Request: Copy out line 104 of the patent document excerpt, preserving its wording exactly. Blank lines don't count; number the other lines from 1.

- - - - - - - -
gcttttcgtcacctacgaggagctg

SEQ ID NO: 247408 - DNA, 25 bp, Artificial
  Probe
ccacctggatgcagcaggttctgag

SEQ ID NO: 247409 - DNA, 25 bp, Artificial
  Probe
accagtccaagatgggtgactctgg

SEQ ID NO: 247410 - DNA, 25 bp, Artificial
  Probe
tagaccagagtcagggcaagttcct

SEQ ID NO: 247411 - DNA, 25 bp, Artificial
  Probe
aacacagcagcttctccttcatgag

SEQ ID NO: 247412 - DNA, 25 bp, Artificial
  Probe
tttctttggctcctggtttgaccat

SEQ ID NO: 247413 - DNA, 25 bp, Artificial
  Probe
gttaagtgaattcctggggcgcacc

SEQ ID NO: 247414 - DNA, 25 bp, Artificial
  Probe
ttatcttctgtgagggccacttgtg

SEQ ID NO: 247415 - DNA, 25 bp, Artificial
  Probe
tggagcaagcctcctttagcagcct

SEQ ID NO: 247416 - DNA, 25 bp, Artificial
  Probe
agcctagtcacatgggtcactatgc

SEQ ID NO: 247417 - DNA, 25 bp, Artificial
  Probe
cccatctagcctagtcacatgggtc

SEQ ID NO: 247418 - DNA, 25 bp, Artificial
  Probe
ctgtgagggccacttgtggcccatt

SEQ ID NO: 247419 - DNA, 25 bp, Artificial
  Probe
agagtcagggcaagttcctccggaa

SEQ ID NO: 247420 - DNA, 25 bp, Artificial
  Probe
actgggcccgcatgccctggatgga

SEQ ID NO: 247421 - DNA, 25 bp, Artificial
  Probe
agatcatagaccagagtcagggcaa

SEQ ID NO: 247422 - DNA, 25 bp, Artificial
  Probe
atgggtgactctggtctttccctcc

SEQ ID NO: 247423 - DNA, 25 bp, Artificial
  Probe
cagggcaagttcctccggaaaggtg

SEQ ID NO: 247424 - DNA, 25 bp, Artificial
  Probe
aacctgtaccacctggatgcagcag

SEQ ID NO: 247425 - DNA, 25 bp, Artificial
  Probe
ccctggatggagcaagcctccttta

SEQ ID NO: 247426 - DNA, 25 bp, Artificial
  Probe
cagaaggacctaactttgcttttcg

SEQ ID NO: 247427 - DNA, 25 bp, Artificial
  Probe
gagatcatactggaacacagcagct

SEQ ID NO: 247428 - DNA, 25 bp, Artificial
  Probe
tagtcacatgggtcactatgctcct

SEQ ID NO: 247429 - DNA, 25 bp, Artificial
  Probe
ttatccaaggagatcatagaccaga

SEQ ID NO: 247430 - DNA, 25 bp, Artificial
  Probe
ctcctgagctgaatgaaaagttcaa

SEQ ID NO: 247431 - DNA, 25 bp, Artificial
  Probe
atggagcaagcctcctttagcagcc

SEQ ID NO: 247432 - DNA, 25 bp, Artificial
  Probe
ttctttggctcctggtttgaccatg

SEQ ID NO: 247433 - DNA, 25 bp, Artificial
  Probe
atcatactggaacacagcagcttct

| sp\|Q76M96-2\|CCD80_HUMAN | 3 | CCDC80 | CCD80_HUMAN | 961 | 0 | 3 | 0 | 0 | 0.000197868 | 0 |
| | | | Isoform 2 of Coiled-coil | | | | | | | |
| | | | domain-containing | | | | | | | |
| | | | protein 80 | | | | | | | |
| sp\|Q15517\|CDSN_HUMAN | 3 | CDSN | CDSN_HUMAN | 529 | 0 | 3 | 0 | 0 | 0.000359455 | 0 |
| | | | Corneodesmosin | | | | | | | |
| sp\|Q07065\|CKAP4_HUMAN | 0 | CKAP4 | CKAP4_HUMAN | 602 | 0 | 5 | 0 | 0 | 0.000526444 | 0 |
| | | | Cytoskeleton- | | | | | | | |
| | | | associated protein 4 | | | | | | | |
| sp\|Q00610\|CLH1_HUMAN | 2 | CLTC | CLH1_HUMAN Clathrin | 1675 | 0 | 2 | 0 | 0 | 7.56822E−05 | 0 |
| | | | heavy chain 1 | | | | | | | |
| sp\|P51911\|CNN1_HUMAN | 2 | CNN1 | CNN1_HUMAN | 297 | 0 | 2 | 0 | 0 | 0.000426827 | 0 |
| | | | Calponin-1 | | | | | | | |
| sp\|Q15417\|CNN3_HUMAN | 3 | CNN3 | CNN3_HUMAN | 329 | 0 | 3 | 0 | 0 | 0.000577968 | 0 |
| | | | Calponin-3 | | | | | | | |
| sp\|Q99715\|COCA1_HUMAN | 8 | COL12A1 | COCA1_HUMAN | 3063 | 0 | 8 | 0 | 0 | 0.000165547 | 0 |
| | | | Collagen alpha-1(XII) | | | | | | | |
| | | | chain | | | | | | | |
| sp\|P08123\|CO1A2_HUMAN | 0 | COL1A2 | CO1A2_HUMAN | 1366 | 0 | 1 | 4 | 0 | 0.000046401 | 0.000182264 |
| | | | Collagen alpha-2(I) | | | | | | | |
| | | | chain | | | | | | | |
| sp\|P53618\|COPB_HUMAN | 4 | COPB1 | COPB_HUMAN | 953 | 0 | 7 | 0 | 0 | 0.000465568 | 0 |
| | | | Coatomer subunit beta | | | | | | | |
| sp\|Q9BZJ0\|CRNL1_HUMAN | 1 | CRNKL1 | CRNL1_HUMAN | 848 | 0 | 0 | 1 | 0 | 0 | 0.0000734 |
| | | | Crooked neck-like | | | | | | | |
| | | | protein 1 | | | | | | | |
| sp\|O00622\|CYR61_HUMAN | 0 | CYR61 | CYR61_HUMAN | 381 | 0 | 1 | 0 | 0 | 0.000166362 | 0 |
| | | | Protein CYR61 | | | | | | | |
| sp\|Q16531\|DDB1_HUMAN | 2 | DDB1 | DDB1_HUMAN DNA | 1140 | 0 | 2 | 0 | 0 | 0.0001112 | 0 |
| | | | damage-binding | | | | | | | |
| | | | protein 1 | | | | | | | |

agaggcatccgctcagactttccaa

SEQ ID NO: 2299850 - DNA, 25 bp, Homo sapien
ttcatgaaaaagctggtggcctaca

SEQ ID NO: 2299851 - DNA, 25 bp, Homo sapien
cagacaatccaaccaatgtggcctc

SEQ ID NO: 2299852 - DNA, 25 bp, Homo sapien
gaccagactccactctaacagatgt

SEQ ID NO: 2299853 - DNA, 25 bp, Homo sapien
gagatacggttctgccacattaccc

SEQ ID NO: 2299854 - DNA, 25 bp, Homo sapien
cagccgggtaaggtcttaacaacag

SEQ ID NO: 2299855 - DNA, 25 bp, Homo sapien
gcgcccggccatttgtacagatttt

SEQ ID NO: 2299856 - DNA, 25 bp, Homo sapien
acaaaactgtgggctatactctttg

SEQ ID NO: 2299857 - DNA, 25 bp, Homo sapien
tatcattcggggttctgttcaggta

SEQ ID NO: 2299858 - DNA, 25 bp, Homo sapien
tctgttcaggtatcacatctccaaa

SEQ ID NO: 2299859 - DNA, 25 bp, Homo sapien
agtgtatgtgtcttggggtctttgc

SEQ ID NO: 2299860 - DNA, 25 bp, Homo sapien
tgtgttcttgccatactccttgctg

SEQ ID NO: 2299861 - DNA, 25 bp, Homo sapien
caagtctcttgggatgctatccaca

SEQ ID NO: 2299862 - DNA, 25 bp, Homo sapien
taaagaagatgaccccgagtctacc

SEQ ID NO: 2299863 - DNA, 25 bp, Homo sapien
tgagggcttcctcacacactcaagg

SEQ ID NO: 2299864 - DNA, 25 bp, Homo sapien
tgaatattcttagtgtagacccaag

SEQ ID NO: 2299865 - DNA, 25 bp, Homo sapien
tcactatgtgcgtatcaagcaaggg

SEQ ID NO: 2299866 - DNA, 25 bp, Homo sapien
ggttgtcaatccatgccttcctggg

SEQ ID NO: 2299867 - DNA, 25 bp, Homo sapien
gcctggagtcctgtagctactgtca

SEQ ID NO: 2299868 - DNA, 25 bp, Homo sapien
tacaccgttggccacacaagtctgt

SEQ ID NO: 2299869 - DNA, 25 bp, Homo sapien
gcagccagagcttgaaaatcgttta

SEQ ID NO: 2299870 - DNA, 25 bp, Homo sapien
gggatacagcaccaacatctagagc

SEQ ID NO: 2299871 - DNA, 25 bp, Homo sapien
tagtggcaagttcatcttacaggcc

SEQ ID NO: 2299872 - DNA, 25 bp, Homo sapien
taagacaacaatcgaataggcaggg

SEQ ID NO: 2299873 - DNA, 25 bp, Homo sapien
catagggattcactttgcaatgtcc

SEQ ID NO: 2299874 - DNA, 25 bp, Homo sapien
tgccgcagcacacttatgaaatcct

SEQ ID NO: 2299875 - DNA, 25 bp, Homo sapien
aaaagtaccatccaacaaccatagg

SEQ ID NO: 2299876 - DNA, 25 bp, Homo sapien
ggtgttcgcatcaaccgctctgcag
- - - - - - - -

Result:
| | | | Crooked neck-like | | | | | | | |